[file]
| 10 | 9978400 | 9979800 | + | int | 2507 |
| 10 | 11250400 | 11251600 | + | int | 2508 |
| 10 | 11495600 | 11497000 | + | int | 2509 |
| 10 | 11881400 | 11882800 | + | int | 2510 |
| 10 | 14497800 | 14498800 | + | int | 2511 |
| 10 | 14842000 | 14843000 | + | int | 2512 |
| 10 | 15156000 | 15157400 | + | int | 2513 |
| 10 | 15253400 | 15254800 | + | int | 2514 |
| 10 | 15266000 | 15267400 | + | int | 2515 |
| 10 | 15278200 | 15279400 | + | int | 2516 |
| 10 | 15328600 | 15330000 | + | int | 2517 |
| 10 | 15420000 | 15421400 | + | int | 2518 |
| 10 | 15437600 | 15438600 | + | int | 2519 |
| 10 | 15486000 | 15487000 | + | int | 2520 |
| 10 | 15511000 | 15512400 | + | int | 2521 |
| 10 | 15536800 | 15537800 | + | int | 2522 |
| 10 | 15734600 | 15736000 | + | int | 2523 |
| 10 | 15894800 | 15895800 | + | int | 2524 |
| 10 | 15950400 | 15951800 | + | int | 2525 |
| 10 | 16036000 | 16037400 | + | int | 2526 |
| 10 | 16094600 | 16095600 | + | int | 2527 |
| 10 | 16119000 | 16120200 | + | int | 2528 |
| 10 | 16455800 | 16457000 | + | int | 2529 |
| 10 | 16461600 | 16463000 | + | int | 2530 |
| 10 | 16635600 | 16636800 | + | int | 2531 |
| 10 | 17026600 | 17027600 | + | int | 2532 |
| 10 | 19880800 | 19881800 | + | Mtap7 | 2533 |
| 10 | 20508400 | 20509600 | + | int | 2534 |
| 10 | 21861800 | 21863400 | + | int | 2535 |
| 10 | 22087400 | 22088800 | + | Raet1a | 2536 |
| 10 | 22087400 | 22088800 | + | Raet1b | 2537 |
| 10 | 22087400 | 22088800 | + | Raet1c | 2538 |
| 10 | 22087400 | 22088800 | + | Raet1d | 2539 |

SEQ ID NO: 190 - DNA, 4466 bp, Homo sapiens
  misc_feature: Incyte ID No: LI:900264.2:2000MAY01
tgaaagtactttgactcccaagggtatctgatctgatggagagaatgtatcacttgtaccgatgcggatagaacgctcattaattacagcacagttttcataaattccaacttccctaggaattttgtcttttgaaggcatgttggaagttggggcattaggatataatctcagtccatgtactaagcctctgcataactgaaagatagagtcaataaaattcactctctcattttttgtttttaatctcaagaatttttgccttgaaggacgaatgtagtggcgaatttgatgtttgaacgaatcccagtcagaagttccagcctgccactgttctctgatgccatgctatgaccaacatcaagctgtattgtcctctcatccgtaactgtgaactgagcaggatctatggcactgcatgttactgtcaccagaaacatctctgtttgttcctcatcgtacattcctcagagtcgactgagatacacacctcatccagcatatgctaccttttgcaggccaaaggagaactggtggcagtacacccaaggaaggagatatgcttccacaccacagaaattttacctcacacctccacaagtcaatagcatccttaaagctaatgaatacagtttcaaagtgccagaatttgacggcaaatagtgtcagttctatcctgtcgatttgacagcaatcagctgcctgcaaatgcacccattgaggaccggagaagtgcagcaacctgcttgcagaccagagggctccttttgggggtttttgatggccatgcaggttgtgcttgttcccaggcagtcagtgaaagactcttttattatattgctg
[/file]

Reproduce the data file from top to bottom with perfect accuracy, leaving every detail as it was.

| 10 | 9978400 | 9979800 | + | int | 2507 |
| 10 | 11250400 | 11251600 | + | int | 2508 |
| 10 | 11495600 | 11497000 | + | int | 2509 |
| 10 | 11881400 | 11882800 | + | int | 2510 |
| 10 | 14497800 | 14498800 | + | int | 2511 |
| 10 | 14842000 | 14843000 | + | int | 2512 |
| 10 | 15156000 | 15157400 | + | int | 2513 |
| 10 | 15253400 | 15254800 | + | int | 2514 |
| 10 | 15266000 | 15267400 | + | int | 2515 |
| 10 | 15278200 | 15279400 | + | int | 2516 |
| 10 | 15328600 | 15330000 | + | int | 2517 |
| 10 | 15420000 | 15421400 | + | int | 2518 |
| 10 | 15437600 | 15438600 | + | int | 2519 |
| 10 | 15486000 | 15487000 | + | int | 2520 |
| 10 | 15511000 | 15512400 | + | int | 2521 |
| 10 | 15536800 | 15537800 | + | int | 2522 |
| 10 | 15734600 | 15736000 | + | int | 2523 |
| 10 | 15894800 | 15895800 | + | int | 2524 |
| 10 | 15950400 | 15951800 | + | int | 2525 |
| 10 | 16036000 | 16037400 | + | int | 2526 |
| 10 | 16094600 | 16095600 | + | int | 2527 |
| 10 | 16119000 | 16120200 | + | int | 2528 |
| 10 | 16455800 | 16457000 | + | int | 2529 |
| 10 | 16461600 | 16463000 | + | int | 2530 |
| 10 | 16635600 | 16636800 | + | int | 2531 |
| 10 | 17026600 | 17027600 | + | int | 2532 |
| 10 | 19880800 | 19881800 | + | Mtap7 | 2533 |
| 10 | 20508400 | 20509600 | + | int | 2534 |
| 10 | 21861800 | 21863400 | + | int | 2535 |
| 10 | 22087400 | 22088800 | + | Raet1a | 2536 |
| 10 | 22087400 | 22088800 | + | Raet1b | 2537 |
| 10 | 22087400 | 22088800 | + | Raet1c | 2538 |
| 10 | 22087400 | 22088800 | + | Raet1d | 2539 |

SEQ ID NO: 190 - DNA, 4466 bp, Homo sapiens
  misc_feature: Incyte ID No: LI:900264.2:2000MAY01
tgaaagtactttgactcccaagggtatctgatctgatggagagaatgtatcacttgtaccgatgcggatagaacgctcattaattacagcacagttttcataaattccaacttccctaggaattttgtcttttgaaggcatgttggaagttggggcattaggatataatctcagtccatgtactaagcctctgcataactgaaagatagagtcaataaaattcactctctcattttttgtttttaatctcaagaatttttgccttgaaggacgaatgtagtggcgaatttgatgtttgaacgaatcccagtcagaagttccagcctgccactgttctctgatgccatgctatgaccaacatcaagctgtattgtcctctcatccgtaactgtgaactgagcaggatctatggcactgcatgttactgtcaccagaaacatctctgtttgttcctcatcgtacattcctcagagtcgactgagatacacacctcatccagcatatgctaccttttgcaggccaaaggagaactggtggcagtacacccaaggaaggagatatgcttccacaccacagaaattttacctcacacctccacaagtcaatagcatccttaaagctaatgaatacagtttcaaagtgccagaatttgacggcaaatagtgtcagttctatcctgtcgatttgacagcaatcagctgcctgcaaatgcacccattgaggaccggagaagtgcagcaacctgcttgcagaccagagggctccttttgggggtttttgatggccatgcaggttgtgcttgttcccaggcagtcagtgaaagactcttttattatattgctg